Roche Kenya Ltd has enrolled Kenyan patients in a Covid-19 clinical trial called EMPACTA.
The clinical trial is being conducted at the Clinical Research Unit of the Aga Khan University Hospital in Nairobi. EMPACTA is a global phase III clinical trial that seeks to test the effectiveness and safety of Roche’s Actemra (Tocilizumab) in treating Covid-19 associated Pneumonia.
Patients both in the public and private sector were eligible for the trial if they met the study criteria.
“The COVID-19 pandemic continues to evolve rapidly in Kenya and around the world and Roche is doing everything we can to contribute. Our people are working day and night to develop, manufacture and supply key tests and medicines where they are needed most. We are so glad to see Kenyan patients on the EMPACTA trial,” Roche Kenya Ltd Medical Director Dr Beatrice Nyawira said.
Athritis drug Actemra (Tocilizumab) which is on the third phase of Covid-19 clinical trial. [Source: EurekAlert]
The clinical trial will place Kenyan medics and researchers on the global map as it will reveal the outcomes of the Kenyan patients to the international community.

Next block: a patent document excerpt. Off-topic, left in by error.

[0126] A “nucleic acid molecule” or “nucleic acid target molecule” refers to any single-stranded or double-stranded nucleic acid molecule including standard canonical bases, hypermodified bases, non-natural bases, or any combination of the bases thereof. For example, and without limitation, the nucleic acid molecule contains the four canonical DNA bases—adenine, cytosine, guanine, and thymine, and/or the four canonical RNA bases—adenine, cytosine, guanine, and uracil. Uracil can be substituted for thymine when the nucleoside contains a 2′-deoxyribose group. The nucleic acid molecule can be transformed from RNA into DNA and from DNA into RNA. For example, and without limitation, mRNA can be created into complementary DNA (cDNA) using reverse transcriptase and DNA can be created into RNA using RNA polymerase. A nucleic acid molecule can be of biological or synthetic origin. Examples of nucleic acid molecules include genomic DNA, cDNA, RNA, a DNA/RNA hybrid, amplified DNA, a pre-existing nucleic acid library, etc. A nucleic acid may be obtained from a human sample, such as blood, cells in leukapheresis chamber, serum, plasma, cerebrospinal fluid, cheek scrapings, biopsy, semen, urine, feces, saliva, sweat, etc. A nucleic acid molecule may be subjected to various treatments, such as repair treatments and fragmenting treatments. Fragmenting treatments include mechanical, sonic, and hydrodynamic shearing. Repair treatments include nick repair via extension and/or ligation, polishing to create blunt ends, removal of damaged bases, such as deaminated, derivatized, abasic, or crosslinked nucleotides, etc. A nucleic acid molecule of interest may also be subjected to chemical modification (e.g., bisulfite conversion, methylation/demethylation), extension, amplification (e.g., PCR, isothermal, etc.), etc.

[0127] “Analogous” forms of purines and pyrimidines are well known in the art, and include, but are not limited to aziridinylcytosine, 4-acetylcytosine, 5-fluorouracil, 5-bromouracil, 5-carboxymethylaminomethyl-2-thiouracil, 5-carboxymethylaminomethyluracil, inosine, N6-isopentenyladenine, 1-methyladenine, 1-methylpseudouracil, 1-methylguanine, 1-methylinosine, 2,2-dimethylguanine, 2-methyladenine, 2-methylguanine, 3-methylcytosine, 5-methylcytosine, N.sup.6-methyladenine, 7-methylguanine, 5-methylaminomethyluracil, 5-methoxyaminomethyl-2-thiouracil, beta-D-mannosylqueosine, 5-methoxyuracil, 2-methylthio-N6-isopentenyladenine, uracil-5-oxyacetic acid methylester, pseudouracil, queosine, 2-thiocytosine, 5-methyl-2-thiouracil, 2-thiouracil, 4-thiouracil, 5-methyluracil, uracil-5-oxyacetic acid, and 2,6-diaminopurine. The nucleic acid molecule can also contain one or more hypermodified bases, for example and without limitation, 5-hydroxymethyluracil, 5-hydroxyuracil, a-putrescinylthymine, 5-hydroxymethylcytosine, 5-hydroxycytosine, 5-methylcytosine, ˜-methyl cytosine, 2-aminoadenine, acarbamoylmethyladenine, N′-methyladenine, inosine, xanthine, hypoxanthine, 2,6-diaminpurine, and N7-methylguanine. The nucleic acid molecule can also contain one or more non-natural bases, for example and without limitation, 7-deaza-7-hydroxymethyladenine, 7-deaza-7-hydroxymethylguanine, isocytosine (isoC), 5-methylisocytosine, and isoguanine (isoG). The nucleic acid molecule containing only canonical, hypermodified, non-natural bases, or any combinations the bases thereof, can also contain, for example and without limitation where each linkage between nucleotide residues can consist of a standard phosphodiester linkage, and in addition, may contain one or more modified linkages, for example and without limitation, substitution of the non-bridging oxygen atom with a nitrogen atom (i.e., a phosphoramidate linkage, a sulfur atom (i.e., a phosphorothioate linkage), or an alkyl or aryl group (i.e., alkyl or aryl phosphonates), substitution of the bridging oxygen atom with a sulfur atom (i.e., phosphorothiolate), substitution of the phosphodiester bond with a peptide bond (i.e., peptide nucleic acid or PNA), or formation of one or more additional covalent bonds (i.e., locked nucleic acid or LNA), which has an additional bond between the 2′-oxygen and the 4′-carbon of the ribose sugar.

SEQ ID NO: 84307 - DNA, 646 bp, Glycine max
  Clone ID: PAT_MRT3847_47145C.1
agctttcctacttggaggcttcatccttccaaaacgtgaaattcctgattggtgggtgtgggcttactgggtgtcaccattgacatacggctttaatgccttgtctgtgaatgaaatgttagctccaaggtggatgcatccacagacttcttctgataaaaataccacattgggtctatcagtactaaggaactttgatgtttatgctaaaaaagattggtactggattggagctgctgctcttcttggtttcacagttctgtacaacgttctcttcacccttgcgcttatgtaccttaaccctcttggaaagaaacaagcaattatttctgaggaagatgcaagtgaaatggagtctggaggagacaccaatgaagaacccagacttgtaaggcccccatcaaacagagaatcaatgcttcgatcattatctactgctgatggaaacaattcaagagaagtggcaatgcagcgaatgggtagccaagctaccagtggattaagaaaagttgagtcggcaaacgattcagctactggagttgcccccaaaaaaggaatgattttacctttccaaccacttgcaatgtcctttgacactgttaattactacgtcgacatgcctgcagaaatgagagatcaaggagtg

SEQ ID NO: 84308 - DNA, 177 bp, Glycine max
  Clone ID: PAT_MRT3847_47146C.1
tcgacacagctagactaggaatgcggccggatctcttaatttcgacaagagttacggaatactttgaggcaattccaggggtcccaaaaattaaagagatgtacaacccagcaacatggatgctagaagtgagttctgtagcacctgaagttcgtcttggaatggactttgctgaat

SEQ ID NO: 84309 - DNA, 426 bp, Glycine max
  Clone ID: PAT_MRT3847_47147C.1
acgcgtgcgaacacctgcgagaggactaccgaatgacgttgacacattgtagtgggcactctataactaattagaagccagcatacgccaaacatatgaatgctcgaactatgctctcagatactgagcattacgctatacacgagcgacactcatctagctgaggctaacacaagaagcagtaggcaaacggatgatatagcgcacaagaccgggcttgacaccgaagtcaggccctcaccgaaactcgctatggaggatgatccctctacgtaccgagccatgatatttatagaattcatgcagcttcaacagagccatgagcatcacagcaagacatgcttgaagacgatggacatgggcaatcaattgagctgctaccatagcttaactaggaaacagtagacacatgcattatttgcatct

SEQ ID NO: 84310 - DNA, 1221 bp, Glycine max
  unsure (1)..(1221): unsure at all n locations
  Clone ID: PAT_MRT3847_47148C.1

“This is a watershed moment for Kenya and us at the Aga Khan University Hospital, Nairobi, that we can participate in an international clinical trial that is testing the effectiveness of this novel drug on our patients here,” Associate Professor of Medicine in Infectious Diseases, and the Principal Investigator of the study in Kenya Dr Reena Shah said.
The Health CAS Rashid Aman has lauded Roche Kenya Ltd and the Aga Khan Hospital for bringing the study to Kenya. Aman said that Kenya is open to exploring new therapeutic solutions.
“In this regard, the Ministry is supporting and participating in several global clinical trials aimed at discoveries of therapeutic agents and vaccines against Covid-19,” Aman said.
The University of Michigan clinical researchers have already experimented the Tocilizumab drug on 154 patients. The drug reduced the death of critically ill Covid-19 patients by 45 per cent.